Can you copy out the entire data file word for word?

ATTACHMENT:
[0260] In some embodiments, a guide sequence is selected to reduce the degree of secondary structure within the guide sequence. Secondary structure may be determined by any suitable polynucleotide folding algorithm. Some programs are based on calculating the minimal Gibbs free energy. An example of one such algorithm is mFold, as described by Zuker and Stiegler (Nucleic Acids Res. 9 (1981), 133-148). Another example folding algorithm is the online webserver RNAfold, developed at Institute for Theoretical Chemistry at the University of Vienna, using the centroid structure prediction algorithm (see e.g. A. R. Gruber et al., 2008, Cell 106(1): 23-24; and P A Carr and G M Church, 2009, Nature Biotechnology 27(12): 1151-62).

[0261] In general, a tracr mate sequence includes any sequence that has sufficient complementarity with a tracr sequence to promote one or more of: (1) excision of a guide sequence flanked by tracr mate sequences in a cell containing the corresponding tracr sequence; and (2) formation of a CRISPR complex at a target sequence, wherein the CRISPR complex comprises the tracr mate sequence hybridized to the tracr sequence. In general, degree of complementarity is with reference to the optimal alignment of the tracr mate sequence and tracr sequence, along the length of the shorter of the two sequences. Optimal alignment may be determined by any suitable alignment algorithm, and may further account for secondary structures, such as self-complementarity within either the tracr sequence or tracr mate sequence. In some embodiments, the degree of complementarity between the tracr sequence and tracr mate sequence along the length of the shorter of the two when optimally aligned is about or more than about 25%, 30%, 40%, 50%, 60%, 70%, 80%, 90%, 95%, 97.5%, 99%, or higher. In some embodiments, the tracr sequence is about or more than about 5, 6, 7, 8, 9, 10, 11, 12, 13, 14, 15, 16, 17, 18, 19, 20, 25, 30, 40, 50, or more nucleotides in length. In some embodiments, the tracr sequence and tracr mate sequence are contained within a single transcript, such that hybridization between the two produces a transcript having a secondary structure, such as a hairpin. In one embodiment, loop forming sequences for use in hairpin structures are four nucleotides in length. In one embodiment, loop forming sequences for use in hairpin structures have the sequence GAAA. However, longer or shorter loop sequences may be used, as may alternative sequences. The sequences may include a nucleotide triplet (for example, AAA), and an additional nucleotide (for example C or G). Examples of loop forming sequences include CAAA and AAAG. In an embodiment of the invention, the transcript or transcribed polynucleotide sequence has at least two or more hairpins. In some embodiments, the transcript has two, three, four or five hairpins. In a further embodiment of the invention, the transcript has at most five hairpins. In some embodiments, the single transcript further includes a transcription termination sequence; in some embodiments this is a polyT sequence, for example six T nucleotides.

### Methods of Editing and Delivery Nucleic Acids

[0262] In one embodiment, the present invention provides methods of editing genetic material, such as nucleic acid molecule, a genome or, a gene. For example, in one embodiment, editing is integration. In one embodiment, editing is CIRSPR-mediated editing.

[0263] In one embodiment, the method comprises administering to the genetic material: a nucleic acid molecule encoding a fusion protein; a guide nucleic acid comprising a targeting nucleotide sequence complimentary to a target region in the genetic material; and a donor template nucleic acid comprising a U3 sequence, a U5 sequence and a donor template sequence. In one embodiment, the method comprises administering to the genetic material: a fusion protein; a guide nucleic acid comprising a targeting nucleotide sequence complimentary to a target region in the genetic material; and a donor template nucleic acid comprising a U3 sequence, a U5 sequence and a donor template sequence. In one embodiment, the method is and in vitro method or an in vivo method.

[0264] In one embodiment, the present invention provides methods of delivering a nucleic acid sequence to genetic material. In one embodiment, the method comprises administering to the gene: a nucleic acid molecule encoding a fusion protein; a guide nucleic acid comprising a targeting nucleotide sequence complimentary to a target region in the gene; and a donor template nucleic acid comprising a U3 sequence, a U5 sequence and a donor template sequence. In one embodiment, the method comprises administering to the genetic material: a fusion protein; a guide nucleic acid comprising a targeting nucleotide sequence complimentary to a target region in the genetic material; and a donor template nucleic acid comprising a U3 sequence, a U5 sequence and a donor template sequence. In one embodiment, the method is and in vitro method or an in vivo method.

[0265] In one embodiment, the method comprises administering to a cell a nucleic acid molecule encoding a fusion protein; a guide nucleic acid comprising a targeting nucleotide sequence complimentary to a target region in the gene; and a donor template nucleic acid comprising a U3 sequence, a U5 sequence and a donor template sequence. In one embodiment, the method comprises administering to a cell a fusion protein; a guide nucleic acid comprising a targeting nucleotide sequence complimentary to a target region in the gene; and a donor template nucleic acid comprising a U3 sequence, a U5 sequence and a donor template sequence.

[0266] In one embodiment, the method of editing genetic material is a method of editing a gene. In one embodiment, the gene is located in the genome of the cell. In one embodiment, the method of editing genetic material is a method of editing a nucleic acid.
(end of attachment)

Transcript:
[0260] In some embodiments, a guide sequence is selected to reduce the degree of secondary structure within the guide sequence. Secondary structure may be determined by any suitable polynucleotide folding algorithm. Some programs are based on calculating the minimal Gibbs free energy. An example of one such algorithm is mFold, as described by Zuker and Stiegler (Nucleic Acids Res. 9 (1981), 133-148). Another example folding algorithm is the online webserver RNAfold, developed at Institute for Theoretical Chemistry at the University of Vienna, using the centroid structure prediction algorithm (see e.g. A. R. Gruber et al., 2008, Cell 106(1): 23-24; and P A Carr and G M Church, 2009, Nature Biotechnology 27(12): 1151-62).

[0261] In general, a tracr mate sequence includes any sequence that has sufficient complementarity with a tracr sequence to promote one or more of: (1) excision of a guide sequence flanked by tracr mate sequences in a cell containing the corresponding tracr sequence; and (2) formation of a CRISPR complex at a target sequence, wherein the CRISPR complex comprises the tracr mate sequence hybridized to the tracr sequence. In general, degree of complementarity is with reference to the optimal alignment of the tracr mate sequence and tracr sequence, along the length of the shorter of the two sequences. Optimal alignment may be determined by any suitable alignment algorithm, and may further account for secondary structures, such as self-complementarity within either the tracr sequence or tracr mate sequence. In some embodiments, the degree of complementarity between the tracr sequence and tracr mate sequence along the length of the shorter of the two when optimally aligned is about or more than about 25%, 30%, 40%, 50%, 60%, 70%, 80%, 90%, 95%, 97.5%, 99%, or higher. In some embodiments, the tracr sequence is about or more than about 5, 6, 7, 8, 9, 10, 11, 12, 13, 14, 15, 16, 17, 18, 19, 20, 25, 30, 40, 50, or more nucleotides in length. In some embodiments, the tracr sequence and tracr mate sequence are contained within a single transcript, such that hybridization between the two produces a transcript having a secondary structure, such as a hairpin. In one embodiment, loop forming sequences for use in hairpin structures are four nucleotides in length. In one embodiment, loop forming sequences for use in hairpin structures have the sequence GAAA. However, longer or shorter loop sequences may be used, as may alternative sequences. The sequences may include a nucleotide triplet (for example, AAA), and an additional nucleotide (for example C or G). Examples of loop forming sequences include CAAA and AAAG. In an embodiment of the invention, the transcript or transcribed polynucleotide sequence has at least two or more hairpins. In some embodiments, the transcript has two, three, four or five hairpins. In a further embodiment of the invention, the transcript has at most five hairpins. In some embodiments, the single transcript further includes a transcription termination sequence; in some embodiments this is a polyT sequence, for example six T nucleotides.

### Methods of Editing and Delivery Nucleic Acids

[0262] In one embodiment, the present invention provides methods of editing genetic material, such as nucleic acid molecule, a genome or, a gene. For example, in one embodiment, editing is integration. In one embodiment, editing is CIRSPR-mediated editing.

[0263] In one embodiment, the method comprises administering to the genetic material: a nucleic acid molecule encoding a fusion protein; a guide nucleic acid comprising a targeting nucleotide sequence complimentary to a target region in the genetic material; and a donor template nucleic acid comprising a U3 sequence, a U5 sequence and a donor template sequence. In one embodiment, the method comprises administering to the genetic material: a fusion protein; a guide nucleic acid comprising a targeting nucleotide sequence complimentary to a target region in the genetic material; and a donor template nucleic acid comprising a U3 sequence, a U5 sequence and a donor template sequence. In one embodiment, the method is and in vitro method or an in vivo method.

[0264] In one embodiment, the present invention provides methods of delivering a nucleic acid sequence to genetic material. In one embodiment, the method comprises administering to the gene: a nucleic acid molecule encoding a fusion protein; a guide nucleic acid comprising a targeting nucleotide sequence complimentary to a target region in the gene; and a donor template nucleic acid comprising a U3 sequence, a U5 sequence and a donor template sequence. In one embodiment, the method comprises administering to the genetic material: a fusion protein; a guide nucleic acid comprising a targeting nucleotide sequence complimentary to a target region in the genetic material; and a donor template nucleic acid comprising a U3 sequence, a U5 sequence and a donor template sequence. In one embodiment, the method is and in vitro method or an in vivo method.

[0265] In one embodiment, the method comprises administering to a cell a nucleic acid molecule encoding a fusion protein; a guide nucleic acid comprising a targeting nucleotide sequence complimentary to a target region in the gene; and a donor template nucleic acid comprising a U3 sequence, a U5 sequence and a donor template sequence. In one embodiment, the method comprises administering to a cell a fusion protein; a guide nucleic acid comprising a targeting nucleotide sequence complimentary to a target region in the gene; and a donor template nucleic acid comprising a U3 sequence, a U5 sequence and a donor template sequence.

[0266] In one embodiment, the method of editing genetic material is a method of editing a gene. In one embodiment, the gene is located in the genome of the cell. In one embodiment, the method of editing genetic material is a method of editing a nucleic acid.